Although the claimed sex discrimination had been practiced without protest for several years after the effective date of Title VII, it was not until after such discrimination had wholly ceased on March 5, 1970, that a charge was filed with EEOC.
On March 16, 1970, plaintiff Le Beau and a number of other women employees of LOF Ottawa filed a charge with EEOC covering the matters here in suit.
Under date of July 7, 1971, EEOC sent notice to Le Beau of her right to sue (pursuant to section 706(e) of Title VII).
On August 3, 1971, the complaint was filed in the District Court. Le Beau and a number of other women employees were plaintiffs, for themselves and for a class. The defendants were LOF, Local 19, and the International Union. The complaint seems to recognize that the claimed discriminatory practices had in fact ceased; there is an averment that the defendants "continue such practices until the present time, as the residual effects of said discrimination have remained virtually unchanged" (emphasis supplied). The relief sought was an injunction restraining discriminatory conduct and a mandatory injunction directing back pay and other benefits.
The International Union moved to dismiss the action as against it, primarily because it had not been named as respondent in the charge filed by plaintiff Le Beau with EEOC on March 16, 1970. The District Court granted the motion by order filed June 30, 1972. LOF and Local 19 then moved to dismiss the action as to them on the ground that the International Union was an indispensable party (Fed.R.Civ.P. 19). The District Court granted this motion by order filed October 3, 1972. Plaintiffs then appealed from the two orders of dismissal and on July 17, 1973, this Court handed down its opinion and decision (484 F.2d 798). The order dismissing the International Union was affirmed. The order dismissing LOF and Local 19 was reversed on the ground that they would suffer no practical prejudice by an adjudication in the absence of the International Union. The action was remanded and continued against LOF and Local 19.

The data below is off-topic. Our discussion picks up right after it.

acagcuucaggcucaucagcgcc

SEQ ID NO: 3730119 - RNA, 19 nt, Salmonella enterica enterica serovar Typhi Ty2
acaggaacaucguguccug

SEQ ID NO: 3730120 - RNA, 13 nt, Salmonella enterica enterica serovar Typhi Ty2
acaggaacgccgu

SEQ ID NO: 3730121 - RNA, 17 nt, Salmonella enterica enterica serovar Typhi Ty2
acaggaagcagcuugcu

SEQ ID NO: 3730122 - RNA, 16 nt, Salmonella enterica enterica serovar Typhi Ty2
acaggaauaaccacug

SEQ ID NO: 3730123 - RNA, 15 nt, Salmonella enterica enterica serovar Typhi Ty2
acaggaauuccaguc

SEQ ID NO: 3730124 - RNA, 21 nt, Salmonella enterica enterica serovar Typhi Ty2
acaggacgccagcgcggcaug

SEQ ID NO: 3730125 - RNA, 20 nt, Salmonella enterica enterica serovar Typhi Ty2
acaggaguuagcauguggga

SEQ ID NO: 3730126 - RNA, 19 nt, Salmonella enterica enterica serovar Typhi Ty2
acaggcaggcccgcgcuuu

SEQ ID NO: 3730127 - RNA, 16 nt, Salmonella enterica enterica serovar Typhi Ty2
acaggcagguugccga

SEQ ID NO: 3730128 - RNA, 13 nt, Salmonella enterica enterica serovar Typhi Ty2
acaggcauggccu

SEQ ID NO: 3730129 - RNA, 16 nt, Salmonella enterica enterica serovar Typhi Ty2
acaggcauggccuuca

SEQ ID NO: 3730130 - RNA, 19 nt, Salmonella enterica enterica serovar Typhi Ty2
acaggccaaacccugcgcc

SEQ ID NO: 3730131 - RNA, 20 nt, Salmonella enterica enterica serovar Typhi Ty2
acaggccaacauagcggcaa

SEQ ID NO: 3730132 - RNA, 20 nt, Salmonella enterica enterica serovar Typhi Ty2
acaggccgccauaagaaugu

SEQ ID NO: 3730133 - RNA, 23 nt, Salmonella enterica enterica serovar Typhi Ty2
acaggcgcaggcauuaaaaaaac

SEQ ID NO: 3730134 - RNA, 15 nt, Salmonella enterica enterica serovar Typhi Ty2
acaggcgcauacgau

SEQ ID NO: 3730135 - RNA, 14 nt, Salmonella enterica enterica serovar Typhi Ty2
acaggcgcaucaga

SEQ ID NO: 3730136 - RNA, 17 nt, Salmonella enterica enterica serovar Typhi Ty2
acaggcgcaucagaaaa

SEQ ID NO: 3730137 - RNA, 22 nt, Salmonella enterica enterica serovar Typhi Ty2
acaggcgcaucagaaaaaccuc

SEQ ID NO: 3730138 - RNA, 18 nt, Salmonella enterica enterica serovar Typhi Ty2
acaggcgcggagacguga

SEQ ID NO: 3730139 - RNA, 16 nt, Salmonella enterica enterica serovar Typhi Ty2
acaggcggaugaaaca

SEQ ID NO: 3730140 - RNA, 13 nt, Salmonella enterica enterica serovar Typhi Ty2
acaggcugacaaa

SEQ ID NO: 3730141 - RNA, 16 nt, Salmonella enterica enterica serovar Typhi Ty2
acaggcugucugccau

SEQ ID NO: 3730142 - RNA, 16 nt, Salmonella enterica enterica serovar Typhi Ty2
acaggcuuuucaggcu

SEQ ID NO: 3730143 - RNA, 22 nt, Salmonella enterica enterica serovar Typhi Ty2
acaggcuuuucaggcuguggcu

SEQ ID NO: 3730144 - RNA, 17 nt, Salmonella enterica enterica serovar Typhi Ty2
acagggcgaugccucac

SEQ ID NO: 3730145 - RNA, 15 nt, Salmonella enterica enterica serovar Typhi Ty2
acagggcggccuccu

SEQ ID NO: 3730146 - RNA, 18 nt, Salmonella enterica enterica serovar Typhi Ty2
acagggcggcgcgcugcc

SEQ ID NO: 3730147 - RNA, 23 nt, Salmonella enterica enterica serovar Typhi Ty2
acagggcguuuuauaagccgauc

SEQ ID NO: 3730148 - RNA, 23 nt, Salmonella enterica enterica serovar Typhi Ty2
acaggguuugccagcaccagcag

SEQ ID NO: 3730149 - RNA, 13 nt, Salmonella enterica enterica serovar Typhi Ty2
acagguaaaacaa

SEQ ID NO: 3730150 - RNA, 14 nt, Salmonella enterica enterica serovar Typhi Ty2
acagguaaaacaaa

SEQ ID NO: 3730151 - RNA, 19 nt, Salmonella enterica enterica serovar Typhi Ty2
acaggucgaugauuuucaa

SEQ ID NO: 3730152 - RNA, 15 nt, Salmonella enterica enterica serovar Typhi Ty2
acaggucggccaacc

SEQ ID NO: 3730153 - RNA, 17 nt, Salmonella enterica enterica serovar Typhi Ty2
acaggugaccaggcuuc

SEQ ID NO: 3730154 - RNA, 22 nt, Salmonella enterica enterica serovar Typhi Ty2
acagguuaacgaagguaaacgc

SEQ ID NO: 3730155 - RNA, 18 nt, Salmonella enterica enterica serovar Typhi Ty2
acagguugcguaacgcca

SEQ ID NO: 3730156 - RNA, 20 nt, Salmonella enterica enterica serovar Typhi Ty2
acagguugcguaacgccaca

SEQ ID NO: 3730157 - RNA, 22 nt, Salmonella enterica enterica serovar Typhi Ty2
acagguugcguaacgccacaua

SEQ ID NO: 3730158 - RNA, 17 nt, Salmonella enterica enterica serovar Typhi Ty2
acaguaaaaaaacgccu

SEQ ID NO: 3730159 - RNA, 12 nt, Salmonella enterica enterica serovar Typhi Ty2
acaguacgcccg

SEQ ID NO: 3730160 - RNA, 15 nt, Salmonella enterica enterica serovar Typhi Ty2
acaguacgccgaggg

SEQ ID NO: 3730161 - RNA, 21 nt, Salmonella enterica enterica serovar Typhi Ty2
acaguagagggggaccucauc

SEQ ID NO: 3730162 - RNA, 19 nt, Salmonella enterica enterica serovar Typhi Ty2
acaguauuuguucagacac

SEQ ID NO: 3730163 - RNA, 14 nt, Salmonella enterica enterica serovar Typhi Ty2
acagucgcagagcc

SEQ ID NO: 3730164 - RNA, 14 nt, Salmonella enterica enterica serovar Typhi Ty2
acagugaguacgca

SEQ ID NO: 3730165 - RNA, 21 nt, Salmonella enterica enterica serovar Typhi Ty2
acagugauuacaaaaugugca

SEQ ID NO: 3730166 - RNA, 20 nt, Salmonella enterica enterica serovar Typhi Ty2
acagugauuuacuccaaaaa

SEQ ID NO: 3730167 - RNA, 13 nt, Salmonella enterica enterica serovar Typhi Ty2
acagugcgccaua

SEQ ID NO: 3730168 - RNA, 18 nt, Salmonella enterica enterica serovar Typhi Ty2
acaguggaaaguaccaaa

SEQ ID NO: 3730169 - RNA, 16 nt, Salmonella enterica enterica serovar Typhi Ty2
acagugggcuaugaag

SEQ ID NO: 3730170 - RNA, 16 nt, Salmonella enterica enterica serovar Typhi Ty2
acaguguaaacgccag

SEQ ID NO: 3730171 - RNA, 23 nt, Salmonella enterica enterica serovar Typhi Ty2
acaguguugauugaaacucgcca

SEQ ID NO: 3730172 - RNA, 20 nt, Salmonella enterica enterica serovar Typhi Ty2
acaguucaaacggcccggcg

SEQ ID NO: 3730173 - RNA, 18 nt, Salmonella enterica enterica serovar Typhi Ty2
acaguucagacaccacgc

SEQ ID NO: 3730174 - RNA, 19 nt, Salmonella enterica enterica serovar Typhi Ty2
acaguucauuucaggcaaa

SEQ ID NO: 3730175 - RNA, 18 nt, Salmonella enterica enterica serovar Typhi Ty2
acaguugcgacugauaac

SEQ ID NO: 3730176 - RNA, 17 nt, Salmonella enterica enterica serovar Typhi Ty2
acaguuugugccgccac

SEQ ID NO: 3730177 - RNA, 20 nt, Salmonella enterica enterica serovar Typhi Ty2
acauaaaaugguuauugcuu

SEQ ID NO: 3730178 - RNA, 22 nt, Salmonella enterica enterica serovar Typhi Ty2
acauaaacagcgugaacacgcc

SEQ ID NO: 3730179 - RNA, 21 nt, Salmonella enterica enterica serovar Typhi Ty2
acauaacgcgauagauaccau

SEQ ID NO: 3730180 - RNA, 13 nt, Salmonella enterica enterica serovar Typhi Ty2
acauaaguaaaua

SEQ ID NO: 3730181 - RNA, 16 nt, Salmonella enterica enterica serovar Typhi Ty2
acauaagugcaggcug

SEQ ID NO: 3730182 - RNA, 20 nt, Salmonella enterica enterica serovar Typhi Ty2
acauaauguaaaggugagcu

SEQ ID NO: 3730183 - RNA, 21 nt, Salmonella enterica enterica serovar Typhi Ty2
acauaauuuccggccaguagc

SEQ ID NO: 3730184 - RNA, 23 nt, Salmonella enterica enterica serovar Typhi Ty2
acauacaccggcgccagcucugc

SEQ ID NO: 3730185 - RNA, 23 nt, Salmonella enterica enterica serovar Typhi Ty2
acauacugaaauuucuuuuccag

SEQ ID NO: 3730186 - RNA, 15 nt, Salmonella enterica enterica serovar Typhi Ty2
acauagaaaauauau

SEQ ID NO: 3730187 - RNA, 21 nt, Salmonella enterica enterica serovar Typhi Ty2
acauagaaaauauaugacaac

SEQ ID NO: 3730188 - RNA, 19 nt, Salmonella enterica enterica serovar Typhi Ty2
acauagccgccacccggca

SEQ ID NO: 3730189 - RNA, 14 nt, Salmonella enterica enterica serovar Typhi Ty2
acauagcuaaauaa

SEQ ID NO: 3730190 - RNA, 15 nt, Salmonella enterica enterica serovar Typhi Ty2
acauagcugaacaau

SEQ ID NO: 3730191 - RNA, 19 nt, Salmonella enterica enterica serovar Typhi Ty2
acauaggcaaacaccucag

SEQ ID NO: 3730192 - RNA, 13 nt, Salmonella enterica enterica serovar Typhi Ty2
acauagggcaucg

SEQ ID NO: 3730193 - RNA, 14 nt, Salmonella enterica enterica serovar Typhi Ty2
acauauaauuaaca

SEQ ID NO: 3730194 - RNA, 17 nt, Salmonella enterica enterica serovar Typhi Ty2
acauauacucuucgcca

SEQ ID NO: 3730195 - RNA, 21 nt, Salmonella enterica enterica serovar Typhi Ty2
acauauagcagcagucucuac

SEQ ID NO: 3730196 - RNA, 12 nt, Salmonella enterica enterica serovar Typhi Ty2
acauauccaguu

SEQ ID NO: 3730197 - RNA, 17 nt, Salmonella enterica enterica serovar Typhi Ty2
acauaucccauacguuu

On December 6, 1973, Local 19 made a demand for trial by jury. Plaintiffs moved to strike this demand. The motion was granted and the jury demand stricken by order filed June 25, 1974, on the ground that there is no right to a jury trial where equitable relief is demanded.
The several plaintiffs moved, among other things, that the Court find "that the scope and membership of the class are as defined in the ... complaint". The District Court by order filed June 17, 1974 granted this motion and in its order described the class as consisting of "all female employees paid on an hourly basis who were employed or had recall rights on July 2, 1965 or who are now employed at LOF" (Record, Doc. 83).
About a year later, the defendants moved the Court to reconsider the definition of the class. The Court, by order filed May 16, 1975, granted the motion, stating that: